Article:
Faux Painting A Concrete Floor

  If you're looking for an inexpensive way to finish your basement floor, why not paint it? This is a project that we did a few years ago, and it has held up quite well, with just a few scratches. We've done a lot of painting projects, but we'd never painted a concrete floor before. We have, however, spilled enough latex paint on concrete to know it doesn't come off easily, so we knew latex paint would work well for this job. It's also the easiest to work with.

  We decided to start painting in a bedroom. I figured by the time I finished the bedrooms, bathroom and hallway, I should be a pro, and ready to take on the family room.

  We painted the floor with a base coat. We had a big pail of ivory paint left over from painting our walls upstairs, so we used that. We added some dark brown paint just to give it a little more colour. The nice thing about painting a floor is that you don't need a paint tray....Brian just sloshed some paint on the floor and I rolled it on...a little smaller slosh might have been better, as the paint in that area is pretty thick

 Just having the base coat on made such a difference, I could have just left it like that! You'll notice in this picture that the walls are just primed. We decided to do the floor first and then the walls...for a couple of reasons....one, I'm impatient, and wanted to get at the floors! And the other...I planned to do faux painting on the walls too, and figured it would be easier to wipe spatters off a painted floor than bare cement.

 Brian got the fun job of crawling around the floor marking off the squares. I taped the lines with 6mm paint tape...just wide enough to create the look of a grout line.

 I asked Brian to pick up three shades of brown paint. The original three colors were too close, so we took the middle one and added some ivory. This gave us the contrast we needed.

 I applied the paint to a large sponge with a paint brush, creating a pattern on the sponge.

Dabbing the sponge on the floor, I painted one square at a time. It's important to change the position of the sponge, giving a little turn here and there, to create variations in the pattern. Once I'd covered the entire square, I'd go back and dab more paint on to add more of a pattern, then moved on to the next square. By doing each square separately, the pattern is somewhat different; more like real tiles would be.

This is a short video showing how I used the brush and sponge.

Painting the floor took less than two hours...not bad, for a first try!

After about two more hours, the floor was dry enough for me to remove the tape. It came up very easily.

It turned out even better than I had hoped!

 Once the first bedroom was done, we did the hall closet, and then I started working my way from the bedroom door, down the hallway. 

  I also found a faster way to apply the paint. I dabbed it directly onto the floor with a paintbrush, then sponged it around, until the square was covered, overlapping the tape just a little. Either method works well, and the pattern looks the same.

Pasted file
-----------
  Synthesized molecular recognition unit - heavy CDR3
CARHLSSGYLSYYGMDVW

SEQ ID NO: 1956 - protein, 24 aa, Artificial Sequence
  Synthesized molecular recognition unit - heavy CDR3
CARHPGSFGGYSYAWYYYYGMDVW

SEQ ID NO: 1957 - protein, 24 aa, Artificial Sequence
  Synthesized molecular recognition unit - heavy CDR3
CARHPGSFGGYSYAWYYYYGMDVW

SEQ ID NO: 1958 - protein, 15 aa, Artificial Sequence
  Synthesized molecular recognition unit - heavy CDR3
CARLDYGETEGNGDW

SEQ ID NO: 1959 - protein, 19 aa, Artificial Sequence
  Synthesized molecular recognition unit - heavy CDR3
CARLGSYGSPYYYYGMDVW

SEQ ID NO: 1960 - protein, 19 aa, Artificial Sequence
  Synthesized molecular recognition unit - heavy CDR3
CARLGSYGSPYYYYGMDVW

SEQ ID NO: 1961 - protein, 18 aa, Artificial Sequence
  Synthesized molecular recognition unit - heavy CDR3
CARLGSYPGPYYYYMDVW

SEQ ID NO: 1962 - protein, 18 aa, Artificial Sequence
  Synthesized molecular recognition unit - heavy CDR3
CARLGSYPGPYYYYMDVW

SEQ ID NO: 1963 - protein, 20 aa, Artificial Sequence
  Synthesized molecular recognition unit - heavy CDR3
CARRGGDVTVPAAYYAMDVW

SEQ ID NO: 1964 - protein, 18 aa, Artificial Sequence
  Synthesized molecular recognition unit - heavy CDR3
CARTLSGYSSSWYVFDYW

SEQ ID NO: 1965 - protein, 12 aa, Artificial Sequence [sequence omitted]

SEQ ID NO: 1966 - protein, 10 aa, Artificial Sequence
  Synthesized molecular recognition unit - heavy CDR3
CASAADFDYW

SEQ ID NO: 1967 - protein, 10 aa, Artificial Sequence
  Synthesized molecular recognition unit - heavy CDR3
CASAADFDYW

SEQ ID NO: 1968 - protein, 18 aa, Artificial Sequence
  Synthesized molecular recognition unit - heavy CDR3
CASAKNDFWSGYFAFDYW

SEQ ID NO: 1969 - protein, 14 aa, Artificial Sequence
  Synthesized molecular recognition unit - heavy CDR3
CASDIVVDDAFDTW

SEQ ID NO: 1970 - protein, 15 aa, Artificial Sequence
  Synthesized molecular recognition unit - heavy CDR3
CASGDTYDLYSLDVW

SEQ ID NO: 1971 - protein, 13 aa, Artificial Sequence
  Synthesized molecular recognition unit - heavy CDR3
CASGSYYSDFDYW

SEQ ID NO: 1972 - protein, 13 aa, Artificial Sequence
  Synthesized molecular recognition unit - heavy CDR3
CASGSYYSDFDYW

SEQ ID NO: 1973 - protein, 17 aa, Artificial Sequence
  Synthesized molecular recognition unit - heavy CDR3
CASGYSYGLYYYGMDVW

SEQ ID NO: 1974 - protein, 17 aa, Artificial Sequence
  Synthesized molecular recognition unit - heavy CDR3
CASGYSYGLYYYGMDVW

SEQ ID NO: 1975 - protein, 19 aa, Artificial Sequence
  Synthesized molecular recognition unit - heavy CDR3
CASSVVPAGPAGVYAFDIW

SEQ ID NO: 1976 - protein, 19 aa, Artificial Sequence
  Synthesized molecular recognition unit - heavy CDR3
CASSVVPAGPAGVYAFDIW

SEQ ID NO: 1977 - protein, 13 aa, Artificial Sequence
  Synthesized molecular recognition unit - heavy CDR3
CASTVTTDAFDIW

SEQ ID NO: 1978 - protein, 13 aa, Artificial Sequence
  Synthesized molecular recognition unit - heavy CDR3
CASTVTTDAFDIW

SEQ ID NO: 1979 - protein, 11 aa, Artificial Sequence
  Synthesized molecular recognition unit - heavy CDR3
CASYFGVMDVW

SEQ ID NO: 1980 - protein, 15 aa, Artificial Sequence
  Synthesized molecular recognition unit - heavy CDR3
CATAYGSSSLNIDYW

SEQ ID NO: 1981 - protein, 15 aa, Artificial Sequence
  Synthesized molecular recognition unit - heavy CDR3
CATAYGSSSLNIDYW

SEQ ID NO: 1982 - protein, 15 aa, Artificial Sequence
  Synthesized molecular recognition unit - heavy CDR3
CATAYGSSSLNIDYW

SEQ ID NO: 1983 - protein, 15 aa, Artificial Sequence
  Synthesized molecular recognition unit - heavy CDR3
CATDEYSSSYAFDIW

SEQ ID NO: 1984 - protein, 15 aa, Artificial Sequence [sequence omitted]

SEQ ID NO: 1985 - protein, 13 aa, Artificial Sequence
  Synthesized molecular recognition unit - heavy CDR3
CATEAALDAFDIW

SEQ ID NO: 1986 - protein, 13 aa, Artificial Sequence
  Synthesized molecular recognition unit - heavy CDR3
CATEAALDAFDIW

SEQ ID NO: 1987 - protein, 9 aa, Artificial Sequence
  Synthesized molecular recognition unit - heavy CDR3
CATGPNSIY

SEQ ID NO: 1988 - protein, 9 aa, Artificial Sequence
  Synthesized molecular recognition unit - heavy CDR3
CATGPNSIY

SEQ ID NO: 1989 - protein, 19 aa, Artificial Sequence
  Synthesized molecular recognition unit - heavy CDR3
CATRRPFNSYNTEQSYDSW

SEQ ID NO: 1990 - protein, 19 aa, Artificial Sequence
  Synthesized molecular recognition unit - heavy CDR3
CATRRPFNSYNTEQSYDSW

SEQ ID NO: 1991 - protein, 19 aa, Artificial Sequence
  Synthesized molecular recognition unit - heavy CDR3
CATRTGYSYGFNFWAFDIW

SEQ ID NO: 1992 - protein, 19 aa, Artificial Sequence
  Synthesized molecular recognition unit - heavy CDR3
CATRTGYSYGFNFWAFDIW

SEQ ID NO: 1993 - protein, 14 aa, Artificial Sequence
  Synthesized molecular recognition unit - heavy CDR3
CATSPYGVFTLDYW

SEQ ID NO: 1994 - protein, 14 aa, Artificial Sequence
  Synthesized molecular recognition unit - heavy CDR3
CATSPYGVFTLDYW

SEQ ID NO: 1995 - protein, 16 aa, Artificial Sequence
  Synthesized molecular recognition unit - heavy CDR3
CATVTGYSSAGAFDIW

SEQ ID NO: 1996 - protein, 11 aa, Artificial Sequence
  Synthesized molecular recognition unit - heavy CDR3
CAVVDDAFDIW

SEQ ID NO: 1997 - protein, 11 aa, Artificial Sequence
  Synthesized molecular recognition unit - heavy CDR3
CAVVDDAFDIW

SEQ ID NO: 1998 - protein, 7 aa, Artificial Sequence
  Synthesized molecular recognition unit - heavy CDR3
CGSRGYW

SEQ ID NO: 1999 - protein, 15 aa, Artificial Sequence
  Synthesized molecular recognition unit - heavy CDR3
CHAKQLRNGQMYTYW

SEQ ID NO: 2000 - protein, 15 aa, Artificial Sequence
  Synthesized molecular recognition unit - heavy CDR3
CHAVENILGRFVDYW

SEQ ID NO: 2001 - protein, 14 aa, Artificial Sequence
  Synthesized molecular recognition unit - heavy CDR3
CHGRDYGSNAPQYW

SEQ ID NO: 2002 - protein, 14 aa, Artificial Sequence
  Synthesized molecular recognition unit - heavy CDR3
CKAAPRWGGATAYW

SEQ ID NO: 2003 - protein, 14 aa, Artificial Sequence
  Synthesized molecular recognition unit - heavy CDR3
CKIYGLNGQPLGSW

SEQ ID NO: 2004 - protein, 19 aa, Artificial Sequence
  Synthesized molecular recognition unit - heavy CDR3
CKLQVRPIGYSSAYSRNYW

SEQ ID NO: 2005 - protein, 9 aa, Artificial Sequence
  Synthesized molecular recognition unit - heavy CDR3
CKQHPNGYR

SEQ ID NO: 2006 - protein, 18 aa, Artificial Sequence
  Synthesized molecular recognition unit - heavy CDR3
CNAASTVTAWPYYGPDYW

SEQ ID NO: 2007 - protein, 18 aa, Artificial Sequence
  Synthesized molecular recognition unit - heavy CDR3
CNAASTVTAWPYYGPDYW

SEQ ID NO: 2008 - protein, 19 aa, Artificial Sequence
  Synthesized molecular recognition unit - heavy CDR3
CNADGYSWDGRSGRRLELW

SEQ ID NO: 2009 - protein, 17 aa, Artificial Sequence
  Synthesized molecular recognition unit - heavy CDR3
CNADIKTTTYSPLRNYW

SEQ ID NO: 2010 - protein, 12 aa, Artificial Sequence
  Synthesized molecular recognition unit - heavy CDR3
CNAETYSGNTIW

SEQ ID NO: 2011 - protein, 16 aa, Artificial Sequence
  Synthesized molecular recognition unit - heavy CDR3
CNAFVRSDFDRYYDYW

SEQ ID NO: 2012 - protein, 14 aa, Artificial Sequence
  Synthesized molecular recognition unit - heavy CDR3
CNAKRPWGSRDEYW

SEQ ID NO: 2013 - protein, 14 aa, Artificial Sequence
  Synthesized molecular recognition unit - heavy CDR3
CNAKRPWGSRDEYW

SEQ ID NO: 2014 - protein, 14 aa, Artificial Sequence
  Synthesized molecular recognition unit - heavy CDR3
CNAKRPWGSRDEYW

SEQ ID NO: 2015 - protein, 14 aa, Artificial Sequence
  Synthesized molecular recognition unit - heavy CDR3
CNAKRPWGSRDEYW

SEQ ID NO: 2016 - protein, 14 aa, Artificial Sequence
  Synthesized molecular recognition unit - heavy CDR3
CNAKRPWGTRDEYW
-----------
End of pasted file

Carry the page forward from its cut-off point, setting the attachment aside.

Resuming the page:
I worked my way down the hall, until I came to the bathroom, and did that first.

Once the bathroom was done, I continued down the hallway toward the family room. The two other bedrooms were next.

This is the view from the stairway, looking toward the family room...the next stage of the project!

The family room, all prepped and painted, and Brian is marking the lines.

As I went along, I got brave and started to do a few squares at a time!

All done, and tape removed.

Three coats of Varathane clear coat over the entire floor gave it a nice finish!

  The entire project, 3 bedrooms, a bathroom, hallway, and family room, was spread out over about 6 weeks, with some walls painted during that time too. It was a huge job, but it was definitely worth the effort. It's such an easy to clean floor; just a damp mop is all that's needed.

  I've seen this same method used on a porch floor, but I think in an unheated area it might be better to not apply the clear coat over top. We tried painting a storage room in our garage, and the varathane seemed to lift the paint. In a warmer climate, this probably wouldn't be an issue so it would work fine on a porch floor or even a covered patio.

  I also did some faux painting on the bathroom walls, that I think turned out even better. You can see that post HERE.


  1. I'm very happy with the way it turned out. Glad you like it. :)

  2. THIS is amazing! Love this method. Much cheaper and maybe easier than laying tile!

  3. Yes, especially with a huge floor like this!

  4. Wow. Beautiful!
    How would this work on concrete that is not particularly smooth? Does not have a shiny finish, by nature?
    Also, in a seldom-used building (a camp) where rooms are not heated, due to being used only in summer?
    Thanks for this post! :)

  5. Katharine, I don't think it would matter if the floor is not smooth. It might just take a little more work to get the paint into rough spots, but pressing down more on the sponge should do it. The nice thing about using a few colors is you don't have to cover every spot...it just means the base color will show through more. We had some rough spots along the walls, and we put extra varathane on there to fill in the rough patches.
    I'm not sure about an unheated area...I think it would depend on how cold it gets. As I said in the post, we found that the paint lifted in our storage room in an unheated garage. We've spilled paint on a garage floor and it didn't lift, so we think it was the varathane that caused the problem...but we can't be sure. You could leave out the clear coat...it just wouldn't have the shiny smooth finish. I think it would hold up better without the clear coat. Something else to think about...this floor is very slippery, so maybe leaving the clear coat off would be advisable at a summer camp.


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